Maybe try adding a Slim-Fast? I know that sounds silly and counterproductive, but it's nutritionally complete as a "meal replacement" up to twice a day, and adding one on top of one's normal intake could push a calorie count near 800 up to 1000 without adding more food. You could have two to get it near 1200.
Foods Is Drinking Wine Bad? Sep 24 2007
15:17 (UTC)
13
Wine is usually low in calories compared to other alcoholic beverages, so it's a good choice for those who drink on occasion. Healthwise, red is best, and the calories in each can be easily found online with Google or on CC. Most wines are under 100 calories for a 5-oz glass but fortified and sweetened wines are more.

Like anything, overdoing the alcohol adds a lot of calories, but a glass or two of wine every once in awhile can easily be budgeted in to most adult diet plans.
Weight Loss Body fat and Time of the month? Sep 24 2007
15:08 (UTC)
6
The scales are often off - in the course of a normal day I've found that it can fluctuate as much as 6%. Body fat won't change at TTOM unless one overeats by a lot over several days, and even then the difference would be too small to be accurately determined by the scale (like 20% to 21%).

Also, I've noticed that my reading is always highest in the morning because of overnight dehydration - that's 8 hours without drinking anything (I don't drink anything for 2 hours before going to bed, so I don't wake up and have to go to the bathroom) and likely sweating a little. For tracking of body fat changes over time it's best to use readings from the same time of day each day. Even if the numbers themselves are artificially high from dehydration, the changes over weeks will be fairly accurate.
Weight Loss Is this true?only starvation mode when you reach 100 pounds?? Sep 22 2007
20:57 (UTC)
4
Weight has little to do with it. Especially since 100 pounds is possibly too much if you're extremely short, just right if you're short, underweight if you're close to average height, and dangerously low if you're tall. That's not even taking body types and other factors into account that could skew the figures further.

Starvation mode is caused by extreme undereating over a fairly long period of time (i.e. more than just a few days). It is almost completely unrelated to current weight.

Maintaining This is irritating! (maintenance calorie count) Sep 21 2007
18:53 (UTC)
6
Yeah... that's what I was afraid of. Will it correct in time now that I'm up to a safe amount?
Maintaining just had a doctor tell me i'm a stone underweight Sep 21 2007
18:52 (UTC)
1
Unless there's a medical reason to exercise less or you have too little body fat, don't cut your activity levels. Just eat more. That way you gain more lean mass and less fat mass.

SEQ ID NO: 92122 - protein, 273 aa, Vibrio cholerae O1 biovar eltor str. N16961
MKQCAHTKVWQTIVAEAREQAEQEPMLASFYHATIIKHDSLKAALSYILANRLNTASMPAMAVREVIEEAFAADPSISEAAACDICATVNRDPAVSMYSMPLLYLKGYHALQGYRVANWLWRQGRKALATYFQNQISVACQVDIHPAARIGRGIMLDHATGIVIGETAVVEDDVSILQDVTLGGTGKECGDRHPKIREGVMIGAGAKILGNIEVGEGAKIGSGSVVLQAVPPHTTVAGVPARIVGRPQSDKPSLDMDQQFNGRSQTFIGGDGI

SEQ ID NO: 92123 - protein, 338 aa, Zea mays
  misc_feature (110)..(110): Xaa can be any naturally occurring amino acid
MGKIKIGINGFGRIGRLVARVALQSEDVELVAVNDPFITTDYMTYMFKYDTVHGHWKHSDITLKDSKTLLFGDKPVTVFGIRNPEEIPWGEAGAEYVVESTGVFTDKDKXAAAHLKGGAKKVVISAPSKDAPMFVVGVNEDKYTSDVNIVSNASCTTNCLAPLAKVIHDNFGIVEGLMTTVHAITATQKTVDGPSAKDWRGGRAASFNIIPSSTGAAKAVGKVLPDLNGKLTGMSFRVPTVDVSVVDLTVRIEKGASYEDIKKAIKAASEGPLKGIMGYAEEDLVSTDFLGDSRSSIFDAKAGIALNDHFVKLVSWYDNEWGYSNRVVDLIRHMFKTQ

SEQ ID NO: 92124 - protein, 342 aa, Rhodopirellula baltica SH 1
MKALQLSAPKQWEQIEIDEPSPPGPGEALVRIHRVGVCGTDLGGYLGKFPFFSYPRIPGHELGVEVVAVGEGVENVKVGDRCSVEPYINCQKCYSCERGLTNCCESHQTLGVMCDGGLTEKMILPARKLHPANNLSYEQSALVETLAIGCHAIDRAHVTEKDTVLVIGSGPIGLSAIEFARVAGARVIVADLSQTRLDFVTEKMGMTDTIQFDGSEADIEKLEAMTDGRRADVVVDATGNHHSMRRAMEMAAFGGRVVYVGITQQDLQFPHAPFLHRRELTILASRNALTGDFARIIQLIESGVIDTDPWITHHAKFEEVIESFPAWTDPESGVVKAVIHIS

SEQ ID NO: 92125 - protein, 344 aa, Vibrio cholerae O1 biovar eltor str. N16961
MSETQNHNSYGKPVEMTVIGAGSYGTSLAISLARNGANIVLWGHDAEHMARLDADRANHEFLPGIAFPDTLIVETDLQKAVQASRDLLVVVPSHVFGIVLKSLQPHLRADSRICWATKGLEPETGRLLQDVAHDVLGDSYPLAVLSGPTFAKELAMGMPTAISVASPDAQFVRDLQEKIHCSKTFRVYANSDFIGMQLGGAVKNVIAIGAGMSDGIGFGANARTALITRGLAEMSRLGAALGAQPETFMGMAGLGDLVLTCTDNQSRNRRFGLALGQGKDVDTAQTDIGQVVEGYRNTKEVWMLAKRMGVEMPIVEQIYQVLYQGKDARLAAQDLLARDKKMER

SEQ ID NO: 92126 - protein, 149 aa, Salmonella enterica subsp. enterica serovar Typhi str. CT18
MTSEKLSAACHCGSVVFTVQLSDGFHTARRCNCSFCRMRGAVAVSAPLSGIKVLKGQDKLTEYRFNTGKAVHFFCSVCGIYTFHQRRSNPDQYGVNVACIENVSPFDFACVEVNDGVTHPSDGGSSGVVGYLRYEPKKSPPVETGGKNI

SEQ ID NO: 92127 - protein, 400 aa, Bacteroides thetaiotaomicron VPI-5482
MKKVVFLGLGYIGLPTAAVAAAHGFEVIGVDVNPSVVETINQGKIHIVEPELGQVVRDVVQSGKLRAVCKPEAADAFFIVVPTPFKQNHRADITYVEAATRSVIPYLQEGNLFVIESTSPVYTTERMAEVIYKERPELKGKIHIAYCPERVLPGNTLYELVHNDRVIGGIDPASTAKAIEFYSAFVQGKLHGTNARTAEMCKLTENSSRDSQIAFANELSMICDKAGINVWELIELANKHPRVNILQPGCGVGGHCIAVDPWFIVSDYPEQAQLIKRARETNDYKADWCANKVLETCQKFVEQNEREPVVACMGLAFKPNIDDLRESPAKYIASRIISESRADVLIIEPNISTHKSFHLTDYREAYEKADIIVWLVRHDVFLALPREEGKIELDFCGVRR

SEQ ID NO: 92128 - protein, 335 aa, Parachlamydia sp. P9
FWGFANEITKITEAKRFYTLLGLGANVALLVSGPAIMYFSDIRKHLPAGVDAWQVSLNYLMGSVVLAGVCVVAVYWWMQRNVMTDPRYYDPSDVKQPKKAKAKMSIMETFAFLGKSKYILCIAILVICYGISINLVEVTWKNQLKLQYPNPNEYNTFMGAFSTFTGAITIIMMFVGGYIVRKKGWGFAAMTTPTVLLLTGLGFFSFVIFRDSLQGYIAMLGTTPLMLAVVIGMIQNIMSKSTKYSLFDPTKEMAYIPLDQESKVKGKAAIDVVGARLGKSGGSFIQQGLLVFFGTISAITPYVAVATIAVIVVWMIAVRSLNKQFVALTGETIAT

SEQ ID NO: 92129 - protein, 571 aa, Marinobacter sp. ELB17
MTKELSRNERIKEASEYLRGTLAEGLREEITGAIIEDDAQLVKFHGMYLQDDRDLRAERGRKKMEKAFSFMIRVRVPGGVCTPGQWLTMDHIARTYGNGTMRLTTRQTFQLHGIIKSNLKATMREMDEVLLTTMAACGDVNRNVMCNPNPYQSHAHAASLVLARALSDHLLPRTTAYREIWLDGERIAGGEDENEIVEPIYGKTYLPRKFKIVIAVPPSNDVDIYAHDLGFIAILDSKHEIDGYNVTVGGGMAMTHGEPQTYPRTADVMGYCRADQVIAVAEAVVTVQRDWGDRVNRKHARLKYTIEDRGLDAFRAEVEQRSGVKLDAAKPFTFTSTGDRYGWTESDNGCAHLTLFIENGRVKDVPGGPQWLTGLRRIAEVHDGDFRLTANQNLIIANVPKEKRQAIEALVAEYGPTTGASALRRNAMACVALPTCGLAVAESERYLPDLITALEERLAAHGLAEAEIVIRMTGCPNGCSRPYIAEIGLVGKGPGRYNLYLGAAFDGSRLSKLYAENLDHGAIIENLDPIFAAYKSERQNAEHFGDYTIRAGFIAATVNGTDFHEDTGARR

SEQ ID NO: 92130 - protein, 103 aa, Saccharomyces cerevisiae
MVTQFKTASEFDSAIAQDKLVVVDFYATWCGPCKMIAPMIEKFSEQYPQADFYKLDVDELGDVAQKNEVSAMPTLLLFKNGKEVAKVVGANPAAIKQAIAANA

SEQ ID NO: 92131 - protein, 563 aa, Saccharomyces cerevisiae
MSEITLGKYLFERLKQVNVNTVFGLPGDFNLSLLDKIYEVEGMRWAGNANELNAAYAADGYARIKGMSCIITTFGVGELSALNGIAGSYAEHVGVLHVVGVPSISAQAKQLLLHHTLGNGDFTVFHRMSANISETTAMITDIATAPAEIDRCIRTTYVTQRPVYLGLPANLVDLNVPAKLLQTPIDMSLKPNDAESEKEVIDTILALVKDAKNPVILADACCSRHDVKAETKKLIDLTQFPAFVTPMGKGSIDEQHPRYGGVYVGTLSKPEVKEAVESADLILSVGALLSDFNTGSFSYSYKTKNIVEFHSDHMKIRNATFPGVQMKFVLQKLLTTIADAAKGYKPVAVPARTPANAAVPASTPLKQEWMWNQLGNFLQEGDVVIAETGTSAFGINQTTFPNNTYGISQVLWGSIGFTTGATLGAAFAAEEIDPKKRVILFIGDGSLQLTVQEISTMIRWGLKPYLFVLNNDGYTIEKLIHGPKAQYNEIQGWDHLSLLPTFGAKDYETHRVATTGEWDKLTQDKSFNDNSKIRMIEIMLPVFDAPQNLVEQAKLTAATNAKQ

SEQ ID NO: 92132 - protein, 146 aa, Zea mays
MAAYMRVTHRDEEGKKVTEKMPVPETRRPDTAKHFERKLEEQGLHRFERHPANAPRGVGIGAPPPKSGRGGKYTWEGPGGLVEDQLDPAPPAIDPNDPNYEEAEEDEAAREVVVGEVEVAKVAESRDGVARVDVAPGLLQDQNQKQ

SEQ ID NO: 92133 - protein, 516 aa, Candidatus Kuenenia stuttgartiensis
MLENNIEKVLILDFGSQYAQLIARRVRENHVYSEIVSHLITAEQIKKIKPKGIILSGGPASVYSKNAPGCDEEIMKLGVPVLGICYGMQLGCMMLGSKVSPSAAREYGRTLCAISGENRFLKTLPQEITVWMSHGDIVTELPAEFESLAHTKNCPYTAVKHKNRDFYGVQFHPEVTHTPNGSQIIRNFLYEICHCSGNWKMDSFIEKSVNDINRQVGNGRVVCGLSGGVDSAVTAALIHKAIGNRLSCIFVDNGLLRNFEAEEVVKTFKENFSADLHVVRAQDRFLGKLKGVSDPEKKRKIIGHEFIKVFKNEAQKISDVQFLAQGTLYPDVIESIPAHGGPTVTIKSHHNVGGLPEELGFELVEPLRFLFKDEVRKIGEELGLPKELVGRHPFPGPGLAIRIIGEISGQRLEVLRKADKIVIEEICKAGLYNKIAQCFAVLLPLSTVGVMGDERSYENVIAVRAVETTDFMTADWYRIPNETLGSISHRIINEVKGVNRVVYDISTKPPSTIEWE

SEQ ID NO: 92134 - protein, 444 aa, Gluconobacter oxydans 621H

Health & Support Am I stunting my growth? Sep 21 2007
18:36 (UTC)
5
I wouldn't think that gaining body fat is necessary for proper male growth and development, assuming you're not all the way down to really low bodybuilder-like percentages.

And the negative height effect of undereating is blown way out of proportion. Yes, severe starvation / malnutrition / etc. can make you shorter, or can interfere with development which continues a few years after maximum height is reached, but moderate dieting in one's late teens isn't likely to cause problems.

That said, gaining some muscle weight probably would be a good idea. Are you very small-framed? If not, you might be better off in the 140s, and since you're a guy, it's safe to gain just muscle. You'd actually drop a little bit in body fat percentage!

You probably didn't do anything bad to your height, since you were done growing and mostly, if not completely, done developing when you started the diet. But some muscle weight gain might be in your best interest. It's up to you - if you're happy and healthy now, you don't NEED to, but you can, and if you really are too thin for your frame, you don't have to gain fat to get back up.
Foods Almond Breeze Sep 21 2007
14:22 (UTC)
1
Unsweetened probably doesn't sell as well to the "general public" because for drinking straight-up it doesn't taste quite as good. But those who would go to a health food store in the first place are more likely to buy unsweetened than those who wouldn't. Might need it to replace milk because of a milk allergy, or be vegan, or simply want a milk substitute that's low in carbs / like the taste / whatever.
Foods Isn't food meant to be enjoyed, instead of feared? Sep 20 2007
14:56 (UTC)
4
I try to see food as neither something to be enjoyed nor feared. It's like taking a shower and going to the bathroom - just a necessary part of daily living. "Eat to live, don't live to eat." I pick foods based on nutrition and not taste, although if it's something I really hate I'll substitute something that I don't actively dislike that's nutritionally similar.
Vegetarian IBS, Wheat Allergies, and Dairy Allergies Sep 20 2007
14:42 (UTC)
1
Between 1 out of 3 and 1 out of 4 Americans are gluten-intolerant to some degree without having celiac disease itself, and would feel better overall without the gluten foods, although eating them is unlikely to cause the severe damage that it would do to a person who has celiac.

Most go undiagnosed for decades if not forever and simply assume that the mild complaints are "normal."
Advertisement
Advertisement
Allergy Remedies
Is It Possible to Go Natural?
The side effects of allergy medications keep some people from using them. Natural remedies can be a great alternative, but some are more effective than others.